Thursday, April 18, 2013

Timeless Design: Walking through the Quads of History

I love to focus on what is new and upcoming for my clients, but at the same time, respecting the past is key to understanding good design.  Since I started on the Van Cortlandt restoration and design, I have been drawn to architecture of the past.  When thinking about these earlier eras, I immediately gravitate towards some of the wonderful collegiate campuses of the East Coast and the magnificent architecture of their original buildings.  What amazes me most about these structures is the beauty and design that has stood the test of time.  It inspires me to create designs that are timeless.

Two of those colleges are right on Staten Island.  Wagner College dates back to 1883 at its conception in upstate New York but then moved to its current location on Grymes Hill of Staten Island in 1918, taking over a 38-acre property of a shipping mogul overlooking the harbor.

St. John's also has a historic campus on Staten Island, and not far from Wagner.  St. John's did not establish its college on Staten Island until the 1960s, however, the property purchased for the school dates back to 1915.  The property was another shipping mogul's estate and also on Grymes Hill.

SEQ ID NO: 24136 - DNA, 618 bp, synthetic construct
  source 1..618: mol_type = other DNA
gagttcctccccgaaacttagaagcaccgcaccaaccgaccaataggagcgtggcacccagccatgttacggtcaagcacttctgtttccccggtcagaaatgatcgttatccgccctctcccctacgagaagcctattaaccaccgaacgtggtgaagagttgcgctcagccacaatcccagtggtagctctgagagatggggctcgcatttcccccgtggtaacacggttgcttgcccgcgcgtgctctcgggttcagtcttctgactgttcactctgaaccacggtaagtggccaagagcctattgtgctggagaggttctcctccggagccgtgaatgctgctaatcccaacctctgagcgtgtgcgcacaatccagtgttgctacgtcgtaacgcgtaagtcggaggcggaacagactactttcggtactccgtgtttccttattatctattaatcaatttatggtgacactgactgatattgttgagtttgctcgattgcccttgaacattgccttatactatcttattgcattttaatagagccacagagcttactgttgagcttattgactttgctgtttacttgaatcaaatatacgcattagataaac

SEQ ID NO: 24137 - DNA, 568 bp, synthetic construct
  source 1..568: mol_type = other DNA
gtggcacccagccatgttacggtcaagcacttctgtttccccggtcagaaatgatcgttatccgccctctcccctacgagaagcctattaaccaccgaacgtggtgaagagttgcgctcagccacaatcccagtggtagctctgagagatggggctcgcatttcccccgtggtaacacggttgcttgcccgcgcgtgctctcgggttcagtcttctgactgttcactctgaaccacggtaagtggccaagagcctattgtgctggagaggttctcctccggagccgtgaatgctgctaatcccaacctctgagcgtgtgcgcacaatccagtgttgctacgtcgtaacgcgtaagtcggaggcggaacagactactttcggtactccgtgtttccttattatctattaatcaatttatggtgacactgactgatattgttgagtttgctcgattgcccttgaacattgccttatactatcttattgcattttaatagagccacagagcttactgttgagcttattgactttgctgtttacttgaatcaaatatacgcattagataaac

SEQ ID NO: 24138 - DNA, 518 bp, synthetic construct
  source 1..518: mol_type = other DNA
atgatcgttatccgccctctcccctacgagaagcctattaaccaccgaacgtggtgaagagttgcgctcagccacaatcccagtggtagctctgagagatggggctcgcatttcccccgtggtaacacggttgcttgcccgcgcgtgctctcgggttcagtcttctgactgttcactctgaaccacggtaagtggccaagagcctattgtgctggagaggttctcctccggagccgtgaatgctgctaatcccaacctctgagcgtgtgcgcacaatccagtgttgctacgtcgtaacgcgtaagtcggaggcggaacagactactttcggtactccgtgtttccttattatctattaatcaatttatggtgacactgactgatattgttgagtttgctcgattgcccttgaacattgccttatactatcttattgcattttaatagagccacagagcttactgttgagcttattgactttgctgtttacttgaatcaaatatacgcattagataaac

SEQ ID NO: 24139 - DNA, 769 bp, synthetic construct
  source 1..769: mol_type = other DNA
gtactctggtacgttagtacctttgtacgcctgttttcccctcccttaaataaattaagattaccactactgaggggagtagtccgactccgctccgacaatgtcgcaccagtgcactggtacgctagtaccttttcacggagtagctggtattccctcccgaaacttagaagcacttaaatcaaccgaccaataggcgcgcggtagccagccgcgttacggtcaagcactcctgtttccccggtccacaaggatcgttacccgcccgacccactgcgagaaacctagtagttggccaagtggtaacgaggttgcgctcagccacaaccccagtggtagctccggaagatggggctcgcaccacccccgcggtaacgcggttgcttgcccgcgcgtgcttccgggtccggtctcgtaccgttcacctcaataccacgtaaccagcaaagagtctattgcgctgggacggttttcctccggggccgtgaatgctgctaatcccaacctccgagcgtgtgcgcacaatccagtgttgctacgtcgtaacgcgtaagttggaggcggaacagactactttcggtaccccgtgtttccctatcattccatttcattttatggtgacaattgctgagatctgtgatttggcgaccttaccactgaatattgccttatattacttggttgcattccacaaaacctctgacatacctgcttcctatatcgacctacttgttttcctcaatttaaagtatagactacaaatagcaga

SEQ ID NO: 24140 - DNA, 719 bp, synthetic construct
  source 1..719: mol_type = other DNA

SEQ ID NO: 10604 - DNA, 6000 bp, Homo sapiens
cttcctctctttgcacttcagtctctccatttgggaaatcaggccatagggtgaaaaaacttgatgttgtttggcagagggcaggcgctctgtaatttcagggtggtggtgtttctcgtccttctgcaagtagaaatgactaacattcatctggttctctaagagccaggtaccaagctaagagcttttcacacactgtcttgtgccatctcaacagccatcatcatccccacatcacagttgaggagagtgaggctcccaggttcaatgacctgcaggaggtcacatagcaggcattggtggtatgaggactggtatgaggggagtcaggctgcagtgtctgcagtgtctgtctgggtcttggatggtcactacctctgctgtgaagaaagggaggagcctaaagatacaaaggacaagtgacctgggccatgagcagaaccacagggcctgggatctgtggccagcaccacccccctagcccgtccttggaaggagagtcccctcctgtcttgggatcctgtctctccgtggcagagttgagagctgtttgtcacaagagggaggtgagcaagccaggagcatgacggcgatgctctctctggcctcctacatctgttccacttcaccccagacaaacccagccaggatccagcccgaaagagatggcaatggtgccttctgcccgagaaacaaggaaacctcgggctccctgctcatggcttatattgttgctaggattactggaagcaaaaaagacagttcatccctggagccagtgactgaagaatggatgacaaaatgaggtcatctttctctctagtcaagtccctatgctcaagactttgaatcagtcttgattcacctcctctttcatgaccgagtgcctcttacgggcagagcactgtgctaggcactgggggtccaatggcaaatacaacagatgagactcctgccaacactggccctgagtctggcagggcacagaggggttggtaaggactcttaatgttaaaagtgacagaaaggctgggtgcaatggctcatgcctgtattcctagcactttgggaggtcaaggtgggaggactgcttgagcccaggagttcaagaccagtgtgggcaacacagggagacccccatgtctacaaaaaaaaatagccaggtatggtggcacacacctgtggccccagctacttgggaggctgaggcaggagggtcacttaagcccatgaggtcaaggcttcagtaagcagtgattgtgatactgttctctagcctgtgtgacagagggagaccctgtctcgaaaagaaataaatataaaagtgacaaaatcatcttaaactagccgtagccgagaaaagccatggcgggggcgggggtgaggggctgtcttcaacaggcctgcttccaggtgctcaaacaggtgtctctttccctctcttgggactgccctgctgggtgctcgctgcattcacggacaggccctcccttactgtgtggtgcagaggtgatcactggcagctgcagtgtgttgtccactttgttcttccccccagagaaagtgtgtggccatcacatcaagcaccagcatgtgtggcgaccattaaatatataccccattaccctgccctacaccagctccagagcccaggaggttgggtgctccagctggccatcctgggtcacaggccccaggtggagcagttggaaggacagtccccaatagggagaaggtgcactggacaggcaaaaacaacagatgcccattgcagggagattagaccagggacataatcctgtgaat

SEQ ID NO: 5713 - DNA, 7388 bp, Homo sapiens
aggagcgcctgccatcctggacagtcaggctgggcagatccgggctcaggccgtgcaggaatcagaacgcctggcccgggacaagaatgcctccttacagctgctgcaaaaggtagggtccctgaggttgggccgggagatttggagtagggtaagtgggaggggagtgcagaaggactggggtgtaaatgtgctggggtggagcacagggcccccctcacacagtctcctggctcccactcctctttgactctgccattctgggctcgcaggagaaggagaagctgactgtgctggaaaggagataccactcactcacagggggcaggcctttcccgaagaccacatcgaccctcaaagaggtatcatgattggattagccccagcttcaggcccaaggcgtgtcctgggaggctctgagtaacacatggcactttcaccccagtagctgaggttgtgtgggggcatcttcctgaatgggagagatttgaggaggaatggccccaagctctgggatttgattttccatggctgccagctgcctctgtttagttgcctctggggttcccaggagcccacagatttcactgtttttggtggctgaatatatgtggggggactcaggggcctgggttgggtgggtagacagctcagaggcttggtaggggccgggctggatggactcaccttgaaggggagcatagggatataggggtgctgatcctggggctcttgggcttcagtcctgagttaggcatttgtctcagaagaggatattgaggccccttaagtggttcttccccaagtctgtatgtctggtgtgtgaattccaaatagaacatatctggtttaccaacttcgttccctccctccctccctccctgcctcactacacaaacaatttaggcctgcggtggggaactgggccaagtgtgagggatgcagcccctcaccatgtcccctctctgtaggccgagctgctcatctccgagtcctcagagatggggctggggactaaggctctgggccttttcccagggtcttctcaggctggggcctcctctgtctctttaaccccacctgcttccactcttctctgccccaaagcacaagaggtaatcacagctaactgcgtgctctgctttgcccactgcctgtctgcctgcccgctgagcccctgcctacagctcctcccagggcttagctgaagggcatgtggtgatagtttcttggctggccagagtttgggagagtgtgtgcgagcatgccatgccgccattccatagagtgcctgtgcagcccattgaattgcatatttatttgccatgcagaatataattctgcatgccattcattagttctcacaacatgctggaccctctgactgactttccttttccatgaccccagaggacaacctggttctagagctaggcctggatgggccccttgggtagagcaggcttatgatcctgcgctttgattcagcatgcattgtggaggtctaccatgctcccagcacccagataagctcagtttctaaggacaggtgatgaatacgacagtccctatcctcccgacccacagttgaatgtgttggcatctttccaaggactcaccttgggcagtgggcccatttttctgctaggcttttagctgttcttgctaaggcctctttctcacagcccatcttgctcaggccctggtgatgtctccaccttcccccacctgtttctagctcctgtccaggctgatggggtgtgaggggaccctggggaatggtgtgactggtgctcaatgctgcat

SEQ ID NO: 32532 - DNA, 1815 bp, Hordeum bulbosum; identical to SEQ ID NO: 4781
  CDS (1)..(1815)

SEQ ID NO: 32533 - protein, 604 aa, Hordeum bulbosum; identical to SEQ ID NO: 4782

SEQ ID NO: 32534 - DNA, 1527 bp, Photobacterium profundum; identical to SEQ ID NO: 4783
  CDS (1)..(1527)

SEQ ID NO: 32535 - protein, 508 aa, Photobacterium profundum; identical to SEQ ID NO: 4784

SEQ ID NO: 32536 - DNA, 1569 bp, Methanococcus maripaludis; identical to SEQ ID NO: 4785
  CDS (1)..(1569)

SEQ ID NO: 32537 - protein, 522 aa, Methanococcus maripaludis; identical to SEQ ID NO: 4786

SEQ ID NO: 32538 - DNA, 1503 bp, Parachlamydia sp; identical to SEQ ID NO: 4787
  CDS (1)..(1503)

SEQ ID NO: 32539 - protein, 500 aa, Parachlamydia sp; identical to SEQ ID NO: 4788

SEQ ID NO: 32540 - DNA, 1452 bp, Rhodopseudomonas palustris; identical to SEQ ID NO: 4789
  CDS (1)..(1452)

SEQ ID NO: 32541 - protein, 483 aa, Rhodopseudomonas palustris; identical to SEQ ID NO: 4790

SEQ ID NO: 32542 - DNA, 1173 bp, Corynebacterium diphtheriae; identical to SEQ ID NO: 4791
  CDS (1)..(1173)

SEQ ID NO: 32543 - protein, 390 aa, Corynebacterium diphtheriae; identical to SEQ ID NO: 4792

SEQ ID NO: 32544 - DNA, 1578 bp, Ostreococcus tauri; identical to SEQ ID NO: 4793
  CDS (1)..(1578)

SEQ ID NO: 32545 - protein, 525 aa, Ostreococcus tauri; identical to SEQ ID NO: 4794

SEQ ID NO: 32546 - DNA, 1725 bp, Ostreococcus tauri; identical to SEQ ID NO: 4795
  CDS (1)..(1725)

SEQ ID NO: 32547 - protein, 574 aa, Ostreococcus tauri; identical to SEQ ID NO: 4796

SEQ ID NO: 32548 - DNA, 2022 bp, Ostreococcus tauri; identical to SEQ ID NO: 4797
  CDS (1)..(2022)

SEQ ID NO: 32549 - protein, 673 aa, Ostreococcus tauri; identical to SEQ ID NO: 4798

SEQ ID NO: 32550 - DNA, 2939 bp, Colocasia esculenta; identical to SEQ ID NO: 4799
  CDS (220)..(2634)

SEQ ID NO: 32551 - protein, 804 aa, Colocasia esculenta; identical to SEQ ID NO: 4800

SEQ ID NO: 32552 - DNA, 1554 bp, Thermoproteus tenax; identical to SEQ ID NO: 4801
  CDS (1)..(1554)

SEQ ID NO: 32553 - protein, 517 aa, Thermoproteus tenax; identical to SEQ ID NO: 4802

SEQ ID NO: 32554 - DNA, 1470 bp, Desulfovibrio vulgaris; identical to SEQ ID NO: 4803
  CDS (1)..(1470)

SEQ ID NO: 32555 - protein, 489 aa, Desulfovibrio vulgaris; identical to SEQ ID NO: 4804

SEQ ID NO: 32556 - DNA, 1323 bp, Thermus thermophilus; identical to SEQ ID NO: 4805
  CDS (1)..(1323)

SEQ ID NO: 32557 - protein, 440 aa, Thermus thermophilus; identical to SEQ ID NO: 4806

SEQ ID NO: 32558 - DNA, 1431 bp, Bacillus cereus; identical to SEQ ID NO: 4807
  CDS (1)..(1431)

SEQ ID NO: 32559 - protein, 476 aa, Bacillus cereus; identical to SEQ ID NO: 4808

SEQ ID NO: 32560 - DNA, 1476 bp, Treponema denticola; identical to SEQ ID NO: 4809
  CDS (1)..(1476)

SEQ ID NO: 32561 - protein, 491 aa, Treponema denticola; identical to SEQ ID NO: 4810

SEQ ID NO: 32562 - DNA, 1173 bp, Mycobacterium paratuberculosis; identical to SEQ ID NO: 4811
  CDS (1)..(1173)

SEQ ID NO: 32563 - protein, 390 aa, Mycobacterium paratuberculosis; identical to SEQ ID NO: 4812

Not far from Staten Island and one of my favorite places in New Jersey to visit is Princeton, home of Princeton University.  Whenever I think of idyllic architecture of American history, Princeton comes to mind. While it's buildings were constructed even before the 1800s, the same inspiration comes from walking their halls.  The awe of how classic beauty lasts generation after generation.

Further south on our journey we come to one of my favorite places in the country - The College of William & Mary.  I think what strikes me the most is the rich history surrounding it.  Built in 1695, the Wren Building (then called only the College Building), was the first of its kind and is the oldest college campus building in the country.  What amazes me is that this building has burned down three times since its original construction and has always been built up within the original frame of the building.  Quite an inspiring story of restoration.

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